The ishadow project: STATEMENT

The iShadow Project got its start in the fall of 2008 while I was on a reporting trip to Ukraine. This was an intensely packed journey I had been dreaming about since childhood: I had two stories to research and three ancestral communities to visit. My grandparents were among millions of Jews who once lived in cities, towns and shtetls that were at various times part of Poland, the Austro-Hungarian Empire and Russia. Fleeing anti-Semitism, pogroms, forced conscription and poverty, they had immigrated to the United States at the turn of the 20th century.

I was walking down a street in Kiev on an unexpectedly cold sunny day on my way to interviewa former dissident when I caught a glimpse of my shadow—hat, mini-skirt, fake fur trimmed boots and all—on the gray concrete sidewalk. Suddenly, I was overwhelmed with thoughts of my ancestors, who had fleetingly called this land home. It was a few-centuries-stop on the 5,000-year trajectory of Jewish wandering. I reached for my brand new iPhone, and began to chronicle the ways in which my body blocked the afternoon sunlight. I needed to capture the fleeting shadows.

I had to rush on to an interview after a few shots. But a few days later I was in Sofiyivsky Park in Uman, covering the pilgrimage of religious Jews to the burial place of the Hasidic mystic Rebbe Nachman on Rosh Hashanah, the Jewish New Year. To escape the fervor of the 30,000 or so men gathered in the town to pray (women were not invited, but I had invited myself), I had strolled to the park, designed asa 19th-century English style garden. On one path, my eye was drawn to shadows of draped fence chains and then to fallen leaves in my shadow. I vanished into what I can only describe as my first iShadow trance. That was the day I learned that time stops when I shoot shadows: I can continue for hours because there are infinite permutations—that is, until the sun goes down. And even then, there is lamplight, streetlight, starlight and moonlight.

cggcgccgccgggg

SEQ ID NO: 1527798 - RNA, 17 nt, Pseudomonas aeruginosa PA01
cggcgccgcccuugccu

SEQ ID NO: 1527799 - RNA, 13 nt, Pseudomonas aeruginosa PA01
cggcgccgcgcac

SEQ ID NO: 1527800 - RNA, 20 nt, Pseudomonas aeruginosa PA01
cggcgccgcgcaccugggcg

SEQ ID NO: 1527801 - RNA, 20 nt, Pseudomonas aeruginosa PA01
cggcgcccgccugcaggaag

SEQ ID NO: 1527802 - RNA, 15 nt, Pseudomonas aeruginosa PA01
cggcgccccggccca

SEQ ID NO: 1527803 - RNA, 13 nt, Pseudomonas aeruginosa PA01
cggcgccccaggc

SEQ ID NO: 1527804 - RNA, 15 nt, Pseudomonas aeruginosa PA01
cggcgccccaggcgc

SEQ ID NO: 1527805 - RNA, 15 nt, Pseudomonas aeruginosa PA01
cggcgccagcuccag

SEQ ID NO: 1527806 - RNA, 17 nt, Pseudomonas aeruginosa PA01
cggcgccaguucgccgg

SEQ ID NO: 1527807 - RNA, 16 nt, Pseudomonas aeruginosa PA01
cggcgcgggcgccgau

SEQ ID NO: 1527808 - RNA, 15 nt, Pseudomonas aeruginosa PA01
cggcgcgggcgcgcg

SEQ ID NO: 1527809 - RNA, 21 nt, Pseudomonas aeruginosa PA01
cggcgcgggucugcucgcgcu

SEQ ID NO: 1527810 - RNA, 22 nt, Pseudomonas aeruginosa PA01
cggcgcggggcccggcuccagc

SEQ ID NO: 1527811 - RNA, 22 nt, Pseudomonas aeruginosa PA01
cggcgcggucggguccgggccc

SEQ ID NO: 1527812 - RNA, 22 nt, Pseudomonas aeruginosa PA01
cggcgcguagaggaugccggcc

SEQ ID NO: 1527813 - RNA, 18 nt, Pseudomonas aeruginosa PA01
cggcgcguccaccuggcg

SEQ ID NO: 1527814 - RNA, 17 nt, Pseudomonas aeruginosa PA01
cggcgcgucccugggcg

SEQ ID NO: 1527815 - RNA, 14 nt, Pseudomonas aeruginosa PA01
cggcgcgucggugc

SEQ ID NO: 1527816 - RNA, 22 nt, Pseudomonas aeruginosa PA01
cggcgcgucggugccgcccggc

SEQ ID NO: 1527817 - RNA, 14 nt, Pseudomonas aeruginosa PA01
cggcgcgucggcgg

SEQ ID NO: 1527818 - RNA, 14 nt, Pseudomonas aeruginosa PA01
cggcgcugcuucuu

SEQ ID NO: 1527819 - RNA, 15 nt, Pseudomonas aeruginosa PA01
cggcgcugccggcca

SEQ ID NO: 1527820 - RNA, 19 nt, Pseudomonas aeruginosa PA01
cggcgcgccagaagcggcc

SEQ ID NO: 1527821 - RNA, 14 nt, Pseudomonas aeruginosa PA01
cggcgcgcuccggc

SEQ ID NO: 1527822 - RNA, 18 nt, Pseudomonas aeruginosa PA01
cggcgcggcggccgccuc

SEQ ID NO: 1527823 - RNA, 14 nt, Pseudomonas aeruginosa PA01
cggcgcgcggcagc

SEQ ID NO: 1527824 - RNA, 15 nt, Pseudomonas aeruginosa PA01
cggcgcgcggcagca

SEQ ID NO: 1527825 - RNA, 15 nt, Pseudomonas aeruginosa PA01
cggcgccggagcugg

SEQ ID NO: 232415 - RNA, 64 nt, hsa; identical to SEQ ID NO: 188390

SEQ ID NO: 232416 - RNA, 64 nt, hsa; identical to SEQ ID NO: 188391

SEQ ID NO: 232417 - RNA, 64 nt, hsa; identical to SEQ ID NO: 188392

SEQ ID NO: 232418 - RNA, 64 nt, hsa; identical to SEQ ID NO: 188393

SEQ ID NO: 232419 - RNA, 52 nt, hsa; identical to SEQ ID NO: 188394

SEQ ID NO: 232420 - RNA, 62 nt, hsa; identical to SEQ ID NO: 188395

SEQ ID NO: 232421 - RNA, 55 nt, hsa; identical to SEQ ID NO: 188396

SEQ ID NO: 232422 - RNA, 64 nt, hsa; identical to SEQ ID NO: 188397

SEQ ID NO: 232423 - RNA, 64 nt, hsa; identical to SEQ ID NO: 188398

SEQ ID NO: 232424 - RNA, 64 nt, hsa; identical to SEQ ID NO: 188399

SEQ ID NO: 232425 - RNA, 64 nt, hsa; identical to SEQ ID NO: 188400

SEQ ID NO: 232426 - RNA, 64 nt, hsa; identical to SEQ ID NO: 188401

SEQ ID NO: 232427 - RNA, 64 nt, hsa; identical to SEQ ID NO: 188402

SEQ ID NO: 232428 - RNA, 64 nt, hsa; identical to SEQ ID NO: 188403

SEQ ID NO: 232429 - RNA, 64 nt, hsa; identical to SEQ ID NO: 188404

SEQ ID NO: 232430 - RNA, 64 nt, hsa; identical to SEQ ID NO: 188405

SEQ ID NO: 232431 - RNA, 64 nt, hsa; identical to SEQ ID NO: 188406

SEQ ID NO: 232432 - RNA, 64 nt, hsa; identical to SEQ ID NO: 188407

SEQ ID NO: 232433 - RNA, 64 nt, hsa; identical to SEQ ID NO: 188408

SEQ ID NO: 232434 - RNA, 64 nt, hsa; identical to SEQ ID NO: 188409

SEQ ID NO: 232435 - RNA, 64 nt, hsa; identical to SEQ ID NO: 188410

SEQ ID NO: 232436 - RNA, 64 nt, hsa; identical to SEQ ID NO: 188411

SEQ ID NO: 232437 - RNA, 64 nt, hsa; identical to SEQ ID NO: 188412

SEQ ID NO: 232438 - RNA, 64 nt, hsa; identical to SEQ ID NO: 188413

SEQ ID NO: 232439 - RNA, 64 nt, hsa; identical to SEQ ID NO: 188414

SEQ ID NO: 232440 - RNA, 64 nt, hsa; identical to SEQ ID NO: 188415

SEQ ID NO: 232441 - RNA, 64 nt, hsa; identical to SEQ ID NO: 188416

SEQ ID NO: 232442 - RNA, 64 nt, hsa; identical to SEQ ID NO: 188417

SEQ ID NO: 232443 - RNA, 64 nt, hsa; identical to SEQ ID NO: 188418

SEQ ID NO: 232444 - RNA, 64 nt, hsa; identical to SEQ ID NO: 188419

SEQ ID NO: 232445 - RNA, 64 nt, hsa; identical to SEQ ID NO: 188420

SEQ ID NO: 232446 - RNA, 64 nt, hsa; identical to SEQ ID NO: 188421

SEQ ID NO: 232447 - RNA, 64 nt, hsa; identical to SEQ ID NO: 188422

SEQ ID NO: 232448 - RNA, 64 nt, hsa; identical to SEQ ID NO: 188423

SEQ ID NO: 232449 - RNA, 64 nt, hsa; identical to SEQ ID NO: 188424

Since then I have taken thousands of shots, on my travels around the world as a magazine publisher, editor and writer. I have come to think of iShadow as human geography with cultural, environmental and even spiritual overtones. Texture and surfaces, natural and manmade; the time of day, the weather; the climate; the topography; attire, the wind; the hair day; hormones and chemicals, bodies of water—a puddle or the moisture in the air—all are variables when combined with the unending line and movement of the human shape, not to mention the filter of light, soul and experience.

As time has passed, I've come to understand that my iShadow Project is also a deeply feminist one. The transformation of the fleeting to permanence is a way of creating a feminine mark on the earthscape, a  mark that is a testament to the female body.

Nadine Epstein